Virtual Reality (VR) provides an virtual immersive environment detached from the real world around them. This allows objects in this environment to be simulated in a fabricated world. These headsets usually block off the view of the real world in a HMD (head mounted display) and can be standalone like the Oculus Quest 2 or tethered like the Valve Index headset. Science fiction provided us with a view of VR long before the technology was technologically feasible by showing us the Holodeck from Star Trek. Typically VR headset come with handheld controllers for interaction and can provide more tactile/haptic feedback to the end user.
Augmented reality (AR) provides an digital overlay to the real world to provide more contextual information to the user of the headset/device. This overlay provides additional information regarding the context of the environment. The user while in AR can visually see digital objects and text fields in their field of view. Some popular uses of AR today are used in hit games like Pokemon GO as well as furniture placement applications like IKEA’s virtual item visualiser. The major headset in the commercial space is the Hololens 2 of which we have several in our MRLAB. Additionally in the consumer space ARkit and ARCore are the leading technologies and we can offer several devices capable of running this technology from Samsung tablets to the latest Apple IPad pro variants containing the latest sensors for AR such as LIDAR.
Augmented Reality (AR) and Virtual Reality (VR) both refer to interactive digital experiences. In recent years, the costs of utilizing these technologies have come down considerably, in the case of the AR the consumer market has been quicker to adapt as most modern smartphones can run AR. This allows for low cost development of the AR technologies. This technology allows for the augmented data layer to display more, gives the user the ability to do more, and operate safely while seeing their environment and be more productive.
Whilst AR/VR have existed for several years dating back decades, the technology is now at a crucial adoption phase as the barriers to entry to the technology have significantly dropped. From a development point of view, the costs involved are dynamic, based on the size and scope of the project.
Stages of AR/VR
AR/VR development follow a familiar standard of software development with subtle differences.
The requirements phase gathers all the necessary information for the project such as scoping, gathering of key early data, user requirements, system requirements, and more importantly for this type of development the necessity of it to be in either AR/VR or if relevant at all.
The design phase involves the scoping of the software modules/platform as well as the design of the UI/UX which is a crucial to making a useful AR/VR application. The UI/UX can be tweaked and modified to the users liking in this phase as this will be the main method of interaction with the application and must suit the application parameters and functionality.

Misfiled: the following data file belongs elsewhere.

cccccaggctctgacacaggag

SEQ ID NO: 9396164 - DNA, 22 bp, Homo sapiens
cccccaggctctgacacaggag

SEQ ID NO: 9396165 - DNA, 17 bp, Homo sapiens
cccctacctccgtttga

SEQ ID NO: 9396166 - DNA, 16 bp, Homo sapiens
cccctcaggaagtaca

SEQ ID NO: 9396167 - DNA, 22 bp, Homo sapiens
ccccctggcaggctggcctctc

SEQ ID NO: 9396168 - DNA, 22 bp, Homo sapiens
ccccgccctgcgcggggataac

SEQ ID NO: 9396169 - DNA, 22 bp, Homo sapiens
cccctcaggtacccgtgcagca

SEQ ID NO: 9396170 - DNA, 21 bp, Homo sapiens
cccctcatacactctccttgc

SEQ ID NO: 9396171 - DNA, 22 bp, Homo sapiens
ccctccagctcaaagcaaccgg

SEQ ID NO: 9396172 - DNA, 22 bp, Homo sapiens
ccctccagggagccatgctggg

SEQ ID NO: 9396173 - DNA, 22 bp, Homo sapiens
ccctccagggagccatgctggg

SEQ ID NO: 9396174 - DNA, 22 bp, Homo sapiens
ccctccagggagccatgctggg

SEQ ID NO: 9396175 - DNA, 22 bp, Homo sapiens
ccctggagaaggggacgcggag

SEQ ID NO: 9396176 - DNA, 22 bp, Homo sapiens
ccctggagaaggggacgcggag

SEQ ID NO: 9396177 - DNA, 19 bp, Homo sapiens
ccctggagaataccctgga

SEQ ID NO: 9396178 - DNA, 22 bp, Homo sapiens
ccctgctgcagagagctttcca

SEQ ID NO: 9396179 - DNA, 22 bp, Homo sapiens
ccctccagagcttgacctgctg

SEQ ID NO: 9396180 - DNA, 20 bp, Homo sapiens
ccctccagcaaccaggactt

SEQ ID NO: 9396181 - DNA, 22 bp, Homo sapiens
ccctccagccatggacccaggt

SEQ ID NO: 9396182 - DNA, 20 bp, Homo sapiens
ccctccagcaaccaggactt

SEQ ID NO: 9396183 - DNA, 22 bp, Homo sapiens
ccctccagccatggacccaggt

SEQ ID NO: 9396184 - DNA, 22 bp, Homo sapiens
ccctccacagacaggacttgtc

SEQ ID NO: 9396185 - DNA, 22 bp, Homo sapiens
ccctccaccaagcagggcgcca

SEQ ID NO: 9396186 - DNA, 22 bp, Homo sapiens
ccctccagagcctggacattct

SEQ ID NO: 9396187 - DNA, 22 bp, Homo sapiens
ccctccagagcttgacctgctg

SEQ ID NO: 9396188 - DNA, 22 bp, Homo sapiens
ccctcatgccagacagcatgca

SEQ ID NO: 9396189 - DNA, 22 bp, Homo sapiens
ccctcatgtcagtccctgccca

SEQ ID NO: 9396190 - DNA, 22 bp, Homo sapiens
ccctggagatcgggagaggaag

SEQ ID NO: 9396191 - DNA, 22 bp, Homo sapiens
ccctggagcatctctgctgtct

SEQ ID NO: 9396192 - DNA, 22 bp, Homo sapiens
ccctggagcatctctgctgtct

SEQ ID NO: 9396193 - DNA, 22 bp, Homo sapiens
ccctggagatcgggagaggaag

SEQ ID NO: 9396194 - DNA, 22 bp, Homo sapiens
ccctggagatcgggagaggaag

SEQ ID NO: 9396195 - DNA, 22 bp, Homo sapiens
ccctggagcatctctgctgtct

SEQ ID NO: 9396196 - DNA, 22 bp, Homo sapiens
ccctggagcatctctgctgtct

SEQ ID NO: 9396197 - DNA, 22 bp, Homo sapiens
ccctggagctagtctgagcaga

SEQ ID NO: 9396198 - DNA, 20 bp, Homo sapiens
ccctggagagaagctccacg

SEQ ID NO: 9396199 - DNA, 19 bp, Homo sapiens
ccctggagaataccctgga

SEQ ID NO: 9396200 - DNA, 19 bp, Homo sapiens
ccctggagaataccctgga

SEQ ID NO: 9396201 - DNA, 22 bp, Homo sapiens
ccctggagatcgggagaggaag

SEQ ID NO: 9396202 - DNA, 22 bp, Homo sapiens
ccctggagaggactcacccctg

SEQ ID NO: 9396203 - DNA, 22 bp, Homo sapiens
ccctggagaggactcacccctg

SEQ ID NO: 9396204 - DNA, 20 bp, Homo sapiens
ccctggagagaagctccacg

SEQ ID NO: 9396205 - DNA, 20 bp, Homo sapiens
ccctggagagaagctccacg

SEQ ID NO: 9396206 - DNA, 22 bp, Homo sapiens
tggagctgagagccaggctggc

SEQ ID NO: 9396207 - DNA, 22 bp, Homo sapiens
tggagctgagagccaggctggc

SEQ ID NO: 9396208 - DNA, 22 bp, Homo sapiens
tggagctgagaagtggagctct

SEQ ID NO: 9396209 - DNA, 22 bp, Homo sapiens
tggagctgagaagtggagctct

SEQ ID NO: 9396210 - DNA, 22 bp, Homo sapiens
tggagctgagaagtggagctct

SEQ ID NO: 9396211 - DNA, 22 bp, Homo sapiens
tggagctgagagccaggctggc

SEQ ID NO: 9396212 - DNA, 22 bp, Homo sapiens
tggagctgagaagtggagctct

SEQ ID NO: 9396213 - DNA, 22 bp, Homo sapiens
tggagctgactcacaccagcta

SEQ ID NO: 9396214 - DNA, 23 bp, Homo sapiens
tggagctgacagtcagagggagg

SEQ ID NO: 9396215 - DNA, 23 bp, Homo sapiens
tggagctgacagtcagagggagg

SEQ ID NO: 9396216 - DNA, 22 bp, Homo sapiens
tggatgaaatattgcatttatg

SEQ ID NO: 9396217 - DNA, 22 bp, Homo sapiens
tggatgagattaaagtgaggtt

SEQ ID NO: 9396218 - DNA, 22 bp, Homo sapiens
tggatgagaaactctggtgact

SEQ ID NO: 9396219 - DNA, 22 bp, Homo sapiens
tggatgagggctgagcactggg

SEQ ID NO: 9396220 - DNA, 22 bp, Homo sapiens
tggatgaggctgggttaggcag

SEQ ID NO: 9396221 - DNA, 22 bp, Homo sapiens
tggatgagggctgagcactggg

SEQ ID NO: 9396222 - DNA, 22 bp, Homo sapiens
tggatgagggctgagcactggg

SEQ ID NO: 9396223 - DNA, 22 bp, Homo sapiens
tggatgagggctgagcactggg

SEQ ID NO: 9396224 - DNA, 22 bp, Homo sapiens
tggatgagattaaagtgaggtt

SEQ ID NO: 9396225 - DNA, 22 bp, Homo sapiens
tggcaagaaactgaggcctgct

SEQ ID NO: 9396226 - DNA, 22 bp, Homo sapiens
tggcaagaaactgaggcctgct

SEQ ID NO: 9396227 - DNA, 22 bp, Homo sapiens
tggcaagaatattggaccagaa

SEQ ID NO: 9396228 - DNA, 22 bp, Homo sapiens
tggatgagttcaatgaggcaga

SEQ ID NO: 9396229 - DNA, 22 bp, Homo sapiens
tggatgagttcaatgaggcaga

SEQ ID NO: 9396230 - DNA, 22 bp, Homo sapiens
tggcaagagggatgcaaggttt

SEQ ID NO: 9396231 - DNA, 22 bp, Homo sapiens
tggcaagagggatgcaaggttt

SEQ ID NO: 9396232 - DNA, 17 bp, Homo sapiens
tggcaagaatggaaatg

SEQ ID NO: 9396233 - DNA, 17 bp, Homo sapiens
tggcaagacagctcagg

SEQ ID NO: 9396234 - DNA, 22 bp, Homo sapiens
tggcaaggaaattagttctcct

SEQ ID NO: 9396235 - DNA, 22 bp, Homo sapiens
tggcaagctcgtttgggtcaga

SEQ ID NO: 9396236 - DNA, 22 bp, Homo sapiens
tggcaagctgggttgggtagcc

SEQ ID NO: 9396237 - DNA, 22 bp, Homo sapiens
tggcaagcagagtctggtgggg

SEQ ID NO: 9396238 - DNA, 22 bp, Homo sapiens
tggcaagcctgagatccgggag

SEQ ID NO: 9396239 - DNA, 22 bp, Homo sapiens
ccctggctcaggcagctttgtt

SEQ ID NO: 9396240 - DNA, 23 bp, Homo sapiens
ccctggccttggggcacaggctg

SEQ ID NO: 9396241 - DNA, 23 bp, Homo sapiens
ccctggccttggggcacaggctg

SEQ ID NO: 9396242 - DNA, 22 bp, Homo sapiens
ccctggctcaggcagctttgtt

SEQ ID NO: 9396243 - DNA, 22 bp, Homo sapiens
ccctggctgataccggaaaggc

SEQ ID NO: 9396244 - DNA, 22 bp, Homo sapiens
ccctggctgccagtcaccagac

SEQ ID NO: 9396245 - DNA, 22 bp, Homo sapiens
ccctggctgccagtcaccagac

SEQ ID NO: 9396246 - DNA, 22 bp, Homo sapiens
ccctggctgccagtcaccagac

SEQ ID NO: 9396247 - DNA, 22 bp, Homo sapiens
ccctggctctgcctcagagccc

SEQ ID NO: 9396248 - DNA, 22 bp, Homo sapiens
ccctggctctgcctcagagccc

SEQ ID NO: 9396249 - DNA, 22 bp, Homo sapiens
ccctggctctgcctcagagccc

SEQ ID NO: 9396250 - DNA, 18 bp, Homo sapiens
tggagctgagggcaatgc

Depending on the earlier steps the development can use several technologies in its implementation. For example if the application is a virtual reality application for training we would utilise the appropriate headset such as an all in one Oculus quest 2, the Oculus SDK, plugin libraries and the Unreal game engine.
Testing within AR/VR is very client focused as using a 3DUI/UX can be quite difficult for those unfamiliar and adoption of the design principles from the design phase is key in this section. Testing phase will eliminate any remaining bugs as well as help determine if the application meets the criteria set out in our requirements. Testing in AR/VR involves physical user testing with physical headsets.
Can I get hurt in VR?
Nothing contained within the virtual world can hurt you, it is however important that you remain mindful of the real world environment you are in, as accidents can happen, and a user may bump into real world objects . The oculus quest does however have a system in place to prevent this from happening as it operates within a predefine boundary. The user will be alerted by the software if they move beyond the predefined area.
Does it cause motion sickness?
Virtual reality can cause motion sickness in some of its users however it is often person dependant. The developers have tried to circumvent this issue with the addition of teleportation as a means of movement, this method is known to reduce the likelihood of motion sickness. While VR may cause motion sickness in some, it is improving with each iteration of the technology.
Do I need a high-end PC to run it?
Yes and no, this will depend on what type hardware you use for the experience. Previous iterations of virtual reality hardware would require the use of a high-end PC but with the release of the oculus quest it has become less important as it can run in just the headset alone. For development and developers of VR applications it is desirable to have a high-end PC to meet all the demands of producing applications.
Is it just for games?
No. While most of the experiences offered to the public do come in entertainment form, it is becoming increasingly important in other areas such as virtual training and manufacturing. The possibilities of how virtual reality can be implemented has few boundaries.